Hollywood's two most indulged enfant terrible filmmakers have now made the worst two World War II movies of this millennium. With Inglourious Basterds Quentin Tarantino has topped Spike Lee (Miracle at St. Anna) in awfulness.
Tarantino has remade a really bad Italian-made WWII thriller into an intentionally dumb and violent shoot-'em up with barely a hint of the original film. And he remade it at quarter-speed. Inglourious is slow, dumb and, in a first for QT in his cinema savant career, incompetent.
From the first image in it — a French farmer chopping wood, with no wood to chop (he just whacks a chopping block) — Tarantino acts as if he's determined to match the 1978 Inglorious Bastards in ineptitude.
The Nazis wear leather, love their strudel and have impeccable manners as they carry out The Final Solution. The Americans are Jewish GIs recruited by Aldo "The Apache" Raine (Brad Pitt), a drawling commando who gives a mean pep talk.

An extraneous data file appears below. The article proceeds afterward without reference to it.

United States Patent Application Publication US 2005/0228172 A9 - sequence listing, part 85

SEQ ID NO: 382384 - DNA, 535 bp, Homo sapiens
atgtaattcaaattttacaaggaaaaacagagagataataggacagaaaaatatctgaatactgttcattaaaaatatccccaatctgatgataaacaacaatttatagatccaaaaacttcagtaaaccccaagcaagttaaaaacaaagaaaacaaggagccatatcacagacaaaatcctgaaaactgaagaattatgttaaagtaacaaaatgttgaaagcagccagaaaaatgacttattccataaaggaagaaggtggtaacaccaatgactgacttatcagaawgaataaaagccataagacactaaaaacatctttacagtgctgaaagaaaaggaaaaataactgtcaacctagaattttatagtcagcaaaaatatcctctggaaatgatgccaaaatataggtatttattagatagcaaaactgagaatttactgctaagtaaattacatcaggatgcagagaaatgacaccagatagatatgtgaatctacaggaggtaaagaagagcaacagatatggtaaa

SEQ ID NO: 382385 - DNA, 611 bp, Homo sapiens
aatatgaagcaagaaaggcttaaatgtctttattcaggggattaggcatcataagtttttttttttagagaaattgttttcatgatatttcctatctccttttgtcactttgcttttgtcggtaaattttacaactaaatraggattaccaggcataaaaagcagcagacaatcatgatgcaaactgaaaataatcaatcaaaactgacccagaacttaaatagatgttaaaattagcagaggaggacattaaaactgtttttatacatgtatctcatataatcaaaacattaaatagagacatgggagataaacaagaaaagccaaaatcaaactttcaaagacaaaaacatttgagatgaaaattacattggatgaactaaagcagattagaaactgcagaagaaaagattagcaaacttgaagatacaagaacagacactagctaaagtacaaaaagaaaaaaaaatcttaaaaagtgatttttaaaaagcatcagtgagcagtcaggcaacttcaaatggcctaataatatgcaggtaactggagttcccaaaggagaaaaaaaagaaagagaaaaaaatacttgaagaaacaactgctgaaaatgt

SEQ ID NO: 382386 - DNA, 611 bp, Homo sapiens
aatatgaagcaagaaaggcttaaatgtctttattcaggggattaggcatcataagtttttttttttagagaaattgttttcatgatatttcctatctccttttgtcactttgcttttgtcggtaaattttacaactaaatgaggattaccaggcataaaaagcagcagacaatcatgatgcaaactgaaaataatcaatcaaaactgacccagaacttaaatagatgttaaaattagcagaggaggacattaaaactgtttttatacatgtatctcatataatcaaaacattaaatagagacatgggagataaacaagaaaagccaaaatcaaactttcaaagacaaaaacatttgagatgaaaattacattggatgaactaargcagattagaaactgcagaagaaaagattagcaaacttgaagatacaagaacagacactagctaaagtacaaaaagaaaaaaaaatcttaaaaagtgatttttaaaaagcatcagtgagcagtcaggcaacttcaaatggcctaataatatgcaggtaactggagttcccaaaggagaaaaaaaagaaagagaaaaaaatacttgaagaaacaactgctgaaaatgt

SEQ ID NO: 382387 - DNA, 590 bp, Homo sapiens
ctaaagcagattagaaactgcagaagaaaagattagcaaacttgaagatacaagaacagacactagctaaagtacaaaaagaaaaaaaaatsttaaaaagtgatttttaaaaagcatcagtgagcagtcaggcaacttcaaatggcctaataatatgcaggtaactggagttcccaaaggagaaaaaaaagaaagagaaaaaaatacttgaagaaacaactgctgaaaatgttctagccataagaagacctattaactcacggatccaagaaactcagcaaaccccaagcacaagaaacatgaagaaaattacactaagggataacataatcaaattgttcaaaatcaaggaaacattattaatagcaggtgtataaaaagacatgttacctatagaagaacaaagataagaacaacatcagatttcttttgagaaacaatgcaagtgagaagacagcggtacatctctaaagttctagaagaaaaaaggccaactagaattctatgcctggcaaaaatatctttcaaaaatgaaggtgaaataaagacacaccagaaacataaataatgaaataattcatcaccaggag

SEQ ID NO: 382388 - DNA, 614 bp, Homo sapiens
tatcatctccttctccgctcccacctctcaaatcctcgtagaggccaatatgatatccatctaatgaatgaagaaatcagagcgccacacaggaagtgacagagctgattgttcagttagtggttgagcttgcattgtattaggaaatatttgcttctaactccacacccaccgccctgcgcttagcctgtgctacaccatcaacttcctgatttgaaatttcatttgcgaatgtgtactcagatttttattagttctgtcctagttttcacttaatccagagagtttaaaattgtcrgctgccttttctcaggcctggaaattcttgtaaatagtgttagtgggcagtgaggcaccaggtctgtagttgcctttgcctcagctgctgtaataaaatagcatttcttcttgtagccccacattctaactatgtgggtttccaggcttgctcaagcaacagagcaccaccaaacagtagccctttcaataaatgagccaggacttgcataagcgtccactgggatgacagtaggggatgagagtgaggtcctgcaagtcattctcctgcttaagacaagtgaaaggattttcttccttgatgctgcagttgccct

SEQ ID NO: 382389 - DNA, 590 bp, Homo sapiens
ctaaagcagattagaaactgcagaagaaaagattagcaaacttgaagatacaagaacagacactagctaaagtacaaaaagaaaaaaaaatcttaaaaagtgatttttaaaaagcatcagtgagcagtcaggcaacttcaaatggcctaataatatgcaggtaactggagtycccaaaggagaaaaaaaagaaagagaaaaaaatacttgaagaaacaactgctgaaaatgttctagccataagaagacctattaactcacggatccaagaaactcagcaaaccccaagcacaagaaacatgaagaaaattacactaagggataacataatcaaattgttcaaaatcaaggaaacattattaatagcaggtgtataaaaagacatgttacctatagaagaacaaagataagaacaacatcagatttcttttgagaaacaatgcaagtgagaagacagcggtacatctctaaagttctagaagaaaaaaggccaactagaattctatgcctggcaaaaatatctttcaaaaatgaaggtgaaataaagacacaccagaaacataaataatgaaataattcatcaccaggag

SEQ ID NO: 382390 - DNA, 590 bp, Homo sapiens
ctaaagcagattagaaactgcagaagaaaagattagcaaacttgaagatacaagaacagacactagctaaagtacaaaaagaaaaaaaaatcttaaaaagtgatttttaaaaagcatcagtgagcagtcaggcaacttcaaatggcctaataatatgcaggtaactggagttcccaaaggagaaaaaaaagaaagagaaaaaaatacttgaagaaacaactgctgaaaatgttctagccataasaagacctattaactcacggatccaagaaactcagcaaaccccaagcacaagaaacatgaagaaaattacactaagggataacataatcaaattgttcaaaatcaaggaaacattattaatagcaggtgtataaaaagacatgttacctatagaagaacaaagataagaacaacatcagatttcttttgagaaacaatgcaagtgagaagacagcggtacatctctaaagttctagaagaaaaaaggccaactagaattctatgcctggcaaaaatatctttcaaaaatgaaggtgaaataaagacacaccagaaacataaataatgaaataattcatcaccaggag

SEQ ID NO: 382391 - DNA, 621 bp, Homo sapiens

"We will be cruel to the Germans," he tells his team (Hostel director Eli Roth among them). "And they will know us through our cruelty."
He orders his men to scalp the enemy. He tortures any German he can get his hands on. He even recruits a German who killed a bunch of Gestapo agents to his corps.
Meanwhile, the urbane and cunning Col. Hans Landa (Christoph Waltz) is hunting French Jews and tracking the "Inglourious Basterds" who have been wreaking havoc in 1944 occupied France.
In Paris, a Jew in hiding (Mélanie Laurent) runs a local cinema, where she resists the charms of the German war hero (Daniel Brühl) whose exploits have been made into a Nazi propaganda film.
Diane Kruger shows up as a famous German actress, the ancient Rod Taylor cameos as Winston Churchill, and Mike Myers isn't remotely convincing as a British officer ordering a British film critic (Michael Fassbender) into a mission involving a movie premiere and a lot of high-ranking Nazis.
For 21/2 hours Tarantino hurls this hooey against a wall and tries to make it connect — long, supposedly tense scenes play like student-filmmaker Nazi interrogations.
But Pitt delivers fair value. Every Billy Bob-drawled word out of that Leno-jutting jaw is funny.
"If you ever wanna eat a sauerkraut sammich again," he threatens one Nazi, before turning him over to "The Bear Jew," a GI who beats prisoners to death with a baseball bat.
But even scenes that work drag on in German and French, as if Tarantino didn't know the German or French words for "faster."
Here's another one he didn't pick up — schadenfreude. Quentin haters will be overdosing on that for the next few days. At least Spike will be grateful.